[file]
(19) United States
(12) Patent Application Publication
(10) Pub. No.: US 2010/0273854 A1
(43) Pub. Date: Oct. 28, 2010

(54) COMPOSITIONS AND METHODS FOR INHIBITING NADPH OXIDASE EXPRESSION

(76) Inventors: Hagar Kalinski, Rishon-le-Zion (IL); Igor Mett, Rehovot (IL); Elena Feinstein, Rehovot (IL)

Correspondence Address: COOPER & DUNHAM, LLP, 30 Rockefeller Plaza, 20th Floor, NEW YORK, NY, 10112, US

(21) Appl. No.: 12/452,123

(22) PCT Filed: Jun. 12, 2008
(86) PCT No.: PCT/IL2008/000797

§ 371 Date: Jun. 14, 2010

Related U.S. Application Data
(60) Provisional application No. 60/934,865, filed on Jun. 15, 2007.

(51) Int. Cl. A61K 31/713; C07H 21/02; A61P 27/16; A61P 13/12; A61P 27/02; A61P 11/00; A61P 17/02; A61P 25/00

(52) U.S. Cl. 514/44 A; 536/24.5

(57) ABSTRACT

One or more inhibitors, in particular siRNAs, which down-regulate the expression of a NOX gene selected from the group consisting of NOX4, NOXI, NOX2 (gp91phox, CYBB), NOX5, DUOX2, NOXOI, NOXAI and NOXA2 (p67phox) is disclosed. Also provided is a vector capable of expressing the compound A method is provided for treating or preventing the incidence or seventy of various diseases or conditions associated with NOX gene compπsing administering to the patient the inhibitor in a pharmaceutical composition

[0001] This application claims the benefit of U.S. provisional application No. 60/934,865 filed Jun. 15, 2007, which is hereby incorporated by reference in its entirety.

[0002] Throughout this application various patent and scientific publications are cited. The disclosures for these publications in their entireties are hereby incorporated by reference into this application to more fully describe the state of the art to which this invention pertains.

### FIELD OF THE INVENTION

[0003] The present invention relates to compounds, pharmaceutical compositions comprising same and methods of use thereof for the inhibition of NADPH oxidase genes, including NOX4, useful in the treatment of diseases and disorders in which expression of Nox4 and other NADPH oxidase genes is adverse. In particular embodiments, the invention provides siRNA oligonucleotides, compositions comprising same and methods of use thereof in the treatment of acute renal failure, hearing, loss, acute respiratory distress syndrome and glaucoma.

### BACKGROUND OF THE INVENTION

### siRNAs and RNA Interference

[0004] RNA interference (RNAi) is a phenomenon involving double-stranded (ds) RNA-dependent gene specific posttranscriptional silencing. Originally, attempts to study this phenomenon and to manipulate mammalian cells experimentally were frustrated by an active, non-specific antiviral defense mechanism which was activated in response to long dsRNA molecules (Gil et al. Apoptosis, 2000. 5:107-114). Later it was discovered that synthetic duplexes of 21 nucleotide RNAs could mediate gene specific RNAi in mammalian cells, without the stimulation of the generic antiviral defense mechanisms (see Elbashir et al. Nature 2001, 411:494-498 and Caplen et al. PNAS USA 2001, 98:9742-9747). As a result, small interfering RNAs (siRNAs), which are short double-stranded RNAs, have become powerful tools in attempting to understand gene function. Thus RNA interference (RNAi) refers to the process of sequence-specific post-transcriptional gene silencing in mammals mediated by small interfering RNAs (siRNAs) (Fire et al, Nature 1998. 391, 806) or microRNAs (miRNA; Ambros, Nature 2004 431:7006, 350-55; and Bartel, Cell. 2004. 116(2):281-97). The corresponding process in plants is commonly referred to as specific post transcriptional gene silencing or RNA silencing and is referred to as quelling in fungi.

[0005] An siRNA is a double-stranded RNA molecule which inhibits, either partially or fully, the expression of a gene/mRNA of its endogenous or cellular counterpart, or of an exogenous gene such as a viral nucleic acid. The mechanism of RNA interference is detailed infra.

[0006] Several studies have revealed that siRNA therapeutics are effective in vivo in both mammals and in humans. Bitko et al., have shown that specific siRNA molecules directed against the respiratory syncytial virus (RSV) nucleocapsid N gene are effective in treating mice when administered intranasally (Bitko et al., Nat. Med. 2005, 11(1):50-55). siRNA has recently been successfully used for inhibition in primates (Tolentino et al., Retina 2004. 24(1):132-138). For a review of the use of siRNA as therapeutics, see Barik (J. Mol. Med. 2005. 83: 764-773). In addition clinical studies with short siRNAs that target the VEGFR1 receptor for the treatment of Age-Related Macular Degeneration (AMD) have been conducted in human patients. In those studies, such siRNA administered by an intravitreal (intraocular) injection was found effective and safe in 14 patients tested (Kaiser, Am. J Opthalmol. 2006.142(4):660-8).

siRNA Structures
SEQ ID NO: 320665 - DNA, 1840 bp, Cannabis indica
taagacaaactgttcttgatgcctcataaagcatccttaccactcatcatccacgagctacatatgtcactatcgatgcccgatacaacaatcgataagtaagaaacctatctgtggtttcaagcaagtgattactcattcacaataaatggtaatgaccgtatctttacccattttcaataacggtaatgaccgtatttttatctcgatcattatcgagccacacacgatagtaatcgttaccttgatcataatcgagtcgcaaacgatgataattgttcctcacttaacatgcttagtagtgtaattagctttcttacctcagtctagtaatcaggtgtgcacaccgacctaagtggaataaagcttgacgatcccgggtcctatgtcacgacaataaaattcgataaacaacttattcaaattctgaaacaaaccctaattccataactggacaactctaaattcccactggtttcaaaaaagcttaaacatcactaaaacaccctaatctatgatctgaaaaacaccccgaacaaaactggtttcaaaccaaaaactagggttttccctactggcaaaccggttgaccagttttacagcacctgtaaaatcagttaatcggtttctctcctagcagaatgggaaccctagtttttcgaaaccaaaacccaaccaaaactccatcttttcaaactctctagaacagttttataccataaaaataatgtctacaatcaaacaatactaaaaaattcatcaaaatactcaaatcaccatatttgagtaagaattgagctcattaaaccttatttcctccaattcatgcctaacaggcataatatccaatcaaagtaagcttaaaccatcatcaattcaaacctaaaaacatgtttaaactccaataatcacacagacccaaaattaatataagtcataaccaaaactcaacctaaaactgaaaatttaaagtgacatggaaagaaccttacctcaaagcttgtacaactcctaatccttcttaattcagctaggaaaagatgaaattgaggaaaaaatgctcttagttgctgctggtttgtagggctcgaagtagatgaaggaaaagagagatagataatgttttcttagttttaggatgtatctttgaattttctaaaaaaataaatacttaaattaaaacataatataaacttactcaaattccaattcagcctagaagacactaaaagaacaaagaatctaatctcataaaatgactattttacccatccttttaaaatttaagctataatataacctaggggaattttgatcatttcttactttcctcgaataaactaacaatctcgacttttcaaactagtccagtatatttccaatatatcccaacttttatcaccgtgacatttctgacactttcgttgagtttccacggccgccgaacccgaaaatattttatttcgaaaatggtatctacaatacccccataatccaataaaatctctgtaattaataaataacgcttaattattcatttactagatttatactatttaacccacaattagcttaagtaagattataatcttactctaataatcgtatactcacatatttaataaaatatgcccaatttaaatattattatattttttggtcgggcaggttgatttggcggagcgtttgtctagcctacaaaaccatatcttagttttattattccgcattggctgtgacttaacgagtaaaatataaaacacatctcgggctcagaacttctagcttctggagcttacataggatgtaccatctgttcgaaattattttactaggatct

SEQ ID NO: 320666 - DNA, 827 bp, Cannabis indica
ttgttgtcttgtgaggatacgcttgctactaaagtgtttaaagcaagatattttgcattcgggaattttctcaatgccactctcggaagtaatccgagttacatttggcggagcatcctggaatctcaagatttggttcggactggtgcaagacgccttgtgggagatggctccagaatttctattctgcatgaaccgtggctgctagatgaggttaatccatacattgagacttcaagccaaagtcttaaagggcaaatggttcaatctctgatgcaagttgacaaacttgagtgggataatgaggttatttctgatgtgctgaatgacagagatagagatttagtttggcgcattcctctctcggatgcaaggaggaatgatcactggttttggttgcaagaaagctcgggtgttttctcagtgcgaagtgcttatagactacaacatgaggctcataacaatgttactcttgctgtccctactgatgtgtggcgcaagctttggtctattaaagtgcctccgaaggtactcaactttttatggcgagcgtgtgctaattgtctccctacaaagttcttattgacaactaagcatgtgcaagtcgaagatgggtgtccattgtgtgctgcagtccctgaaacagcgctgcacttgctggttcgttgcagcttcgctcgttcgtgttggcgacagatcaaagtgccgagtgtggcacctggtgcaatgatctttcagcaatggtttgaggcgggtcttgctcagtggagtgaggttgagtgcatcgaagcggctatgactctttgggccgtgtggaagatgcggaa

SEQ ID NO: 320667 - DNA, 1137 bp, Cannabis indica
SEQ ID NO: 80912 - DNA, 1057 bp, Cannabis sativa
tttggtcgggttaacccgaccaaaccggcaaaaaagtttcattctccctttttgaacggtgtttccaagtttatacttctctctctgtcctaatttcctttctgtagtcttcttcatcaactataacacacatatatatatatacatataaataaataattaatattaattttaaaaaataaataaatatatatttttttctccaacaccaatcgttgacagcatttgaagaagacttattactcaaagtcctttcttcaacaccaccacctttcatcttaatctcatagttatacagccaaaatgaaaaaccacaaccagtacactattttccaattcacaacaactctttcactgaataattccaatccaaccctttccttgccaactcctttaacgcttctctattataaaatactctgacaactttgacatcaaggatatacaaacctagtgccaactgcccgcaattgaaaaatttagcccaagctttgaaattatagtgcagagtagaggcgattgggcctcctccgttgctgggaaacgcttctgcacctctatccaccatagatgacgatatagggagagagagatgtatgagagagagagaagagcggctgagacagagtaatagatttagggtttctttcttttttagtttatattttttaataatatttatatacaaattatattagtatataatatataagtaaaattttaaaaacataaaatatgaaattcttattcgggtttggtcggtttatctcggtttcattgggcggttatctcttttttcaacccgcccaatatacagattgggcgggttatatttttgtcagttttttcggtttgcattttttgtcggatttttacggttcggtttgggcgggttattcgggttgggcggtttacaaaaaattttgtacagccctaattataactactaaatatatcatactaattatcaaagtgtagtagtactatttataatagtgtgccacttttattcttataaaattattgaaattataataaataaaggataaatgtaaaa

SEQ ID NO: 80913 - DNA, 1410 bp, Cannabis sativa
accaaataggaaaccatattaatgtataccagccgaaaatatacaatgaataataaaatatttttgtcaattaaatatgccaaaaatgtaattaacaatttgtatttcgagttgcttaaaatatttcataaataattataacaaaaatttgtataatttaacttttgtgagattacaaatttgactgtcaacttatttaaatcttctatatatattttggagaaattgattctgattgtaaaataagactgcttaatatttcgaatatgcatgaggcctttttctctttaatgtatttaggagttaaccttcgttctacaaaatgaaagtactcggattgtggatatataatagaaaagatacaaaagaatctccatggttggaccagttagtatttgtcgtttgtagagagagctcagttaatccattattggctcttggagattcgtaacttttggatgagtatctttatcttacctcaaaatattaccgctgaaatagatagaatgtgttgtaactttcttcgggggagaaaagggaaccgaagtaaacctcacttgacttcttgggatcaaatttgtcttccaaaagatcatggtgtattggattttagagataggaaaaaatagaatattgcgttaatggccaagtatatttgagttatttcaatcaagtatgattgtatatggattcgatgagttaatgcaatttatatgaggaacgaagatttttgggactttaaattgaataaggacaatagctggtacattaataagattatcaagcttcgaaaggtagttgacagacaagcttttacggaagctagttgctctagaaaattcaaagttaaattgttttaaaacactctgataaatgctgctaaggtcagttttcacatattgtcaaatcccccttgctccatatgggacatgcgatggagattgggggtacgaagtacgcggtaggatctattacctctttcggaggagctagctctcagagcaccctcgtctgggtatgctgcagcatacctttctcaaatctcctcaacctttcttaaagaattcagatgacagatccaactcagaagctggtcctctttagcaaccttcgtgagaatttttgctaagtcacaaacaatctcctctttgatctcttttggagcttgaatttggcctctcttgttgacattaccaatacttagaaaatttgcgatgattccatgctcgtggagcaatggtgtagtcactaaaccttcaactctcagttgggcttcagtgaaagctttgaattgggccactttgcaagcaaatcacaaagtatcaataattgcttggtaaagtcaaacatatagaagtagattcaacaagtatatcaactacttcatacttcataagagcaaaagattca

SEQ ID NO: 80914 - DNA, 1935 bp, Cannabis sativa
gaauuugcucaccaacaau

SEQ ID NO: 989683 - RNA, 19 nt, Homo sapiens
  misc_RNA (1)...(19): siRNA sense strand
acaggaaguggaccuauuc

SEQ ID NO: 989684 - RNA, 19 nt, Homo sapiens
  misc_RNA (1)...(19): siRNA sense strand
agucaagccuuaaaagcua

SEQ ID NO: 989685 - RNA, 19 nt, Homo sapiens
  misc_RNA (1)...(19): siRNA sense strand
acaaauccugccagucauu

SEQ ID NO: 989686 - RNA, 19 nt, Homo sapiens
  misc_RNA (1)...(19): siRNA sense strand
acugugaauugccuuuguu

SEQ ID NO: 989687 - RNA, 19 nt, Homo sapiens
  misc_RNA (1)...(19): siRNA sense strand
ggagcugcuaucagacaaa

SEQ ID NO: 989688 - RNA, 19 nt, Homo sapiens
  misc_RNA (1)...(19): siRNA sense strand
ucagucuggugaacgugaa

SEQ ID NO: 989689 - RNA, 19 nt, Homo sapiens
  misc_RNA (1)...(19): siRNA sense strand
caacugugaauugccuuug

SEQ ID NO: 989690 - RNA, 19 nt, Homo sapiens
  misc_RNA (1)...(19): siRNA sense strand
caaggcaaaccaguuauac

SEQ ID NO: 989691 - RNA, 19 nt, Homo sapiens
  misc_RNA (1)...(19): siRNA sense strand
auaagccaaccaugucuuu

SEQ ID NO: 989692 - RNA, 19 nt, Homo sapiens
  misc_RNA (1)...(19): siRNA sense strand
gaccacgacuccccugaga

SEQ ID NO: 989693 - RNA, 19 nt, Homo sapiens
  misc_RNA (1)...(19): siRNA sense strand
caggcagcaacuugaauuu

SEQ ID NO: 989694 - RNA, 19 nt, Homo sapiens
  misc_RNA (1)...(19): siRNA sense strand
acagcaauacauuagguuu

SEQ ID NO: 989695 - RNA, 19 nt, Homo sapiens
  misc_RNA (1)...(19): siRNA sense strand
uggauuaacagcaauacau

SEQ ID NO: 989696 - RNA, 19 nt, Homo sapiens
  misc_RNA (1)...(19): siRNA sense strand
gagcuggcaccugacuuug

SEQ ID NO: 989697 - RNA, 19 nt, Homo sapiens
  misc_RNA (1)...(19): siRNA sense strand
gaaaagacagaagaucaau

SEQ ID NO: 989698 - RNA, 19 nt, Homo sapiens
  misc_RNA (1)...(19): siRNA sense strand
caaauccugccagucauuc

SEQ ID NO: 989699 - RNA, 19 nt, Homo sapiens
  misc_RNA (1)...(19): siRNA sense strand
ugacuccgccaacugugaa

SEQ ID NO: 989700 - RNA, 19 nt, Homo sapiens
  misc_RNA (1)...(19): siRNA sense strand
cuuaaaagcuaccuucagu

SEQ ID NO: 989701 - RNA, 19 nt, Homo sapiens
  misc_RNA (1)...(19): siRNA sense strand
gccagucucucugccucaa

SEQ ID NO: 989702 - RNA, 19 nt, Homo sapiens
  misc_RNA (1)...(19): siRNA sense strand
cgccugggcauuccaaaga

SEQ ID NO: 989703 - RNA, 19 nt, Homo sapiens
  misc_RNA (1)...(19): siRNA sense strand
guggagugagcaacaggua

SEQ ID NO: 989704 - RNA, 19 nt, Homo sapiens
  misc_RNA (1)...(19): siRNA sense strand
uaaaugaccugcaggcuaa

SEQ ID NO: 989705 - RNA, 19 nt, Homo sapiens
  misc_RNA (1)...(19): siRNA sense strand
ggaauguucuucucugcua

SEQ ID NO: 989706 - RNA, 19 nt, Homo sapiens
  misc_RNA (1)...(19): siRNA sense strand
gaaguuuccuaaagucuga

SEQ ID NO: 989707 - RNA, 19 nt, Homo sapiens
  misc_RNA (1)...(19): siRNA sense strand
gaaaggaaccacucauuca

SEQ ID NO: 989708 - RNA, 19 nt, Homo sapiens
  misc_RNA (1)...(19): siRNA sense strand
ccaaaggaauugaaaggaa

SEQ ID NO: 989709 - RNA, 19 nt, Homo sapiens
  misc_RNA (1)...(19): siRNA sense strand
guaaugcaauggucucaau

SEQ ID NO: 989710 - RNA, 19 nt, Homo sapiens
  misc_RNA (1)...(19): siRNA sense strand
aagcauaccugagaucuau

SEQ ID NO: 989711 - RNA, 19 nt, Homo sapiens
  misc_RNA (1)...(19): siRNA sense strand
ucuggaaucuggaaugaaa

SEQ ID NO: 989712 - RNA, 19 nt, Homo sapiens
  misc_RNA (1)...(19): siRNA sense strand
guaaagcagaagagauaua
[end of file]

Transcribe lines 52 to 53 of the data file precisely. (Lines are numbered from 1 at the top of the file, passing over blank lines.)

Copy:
  misc_RNA (1)...(19): siRNA sense strand
ggagcugcuaucagacaaa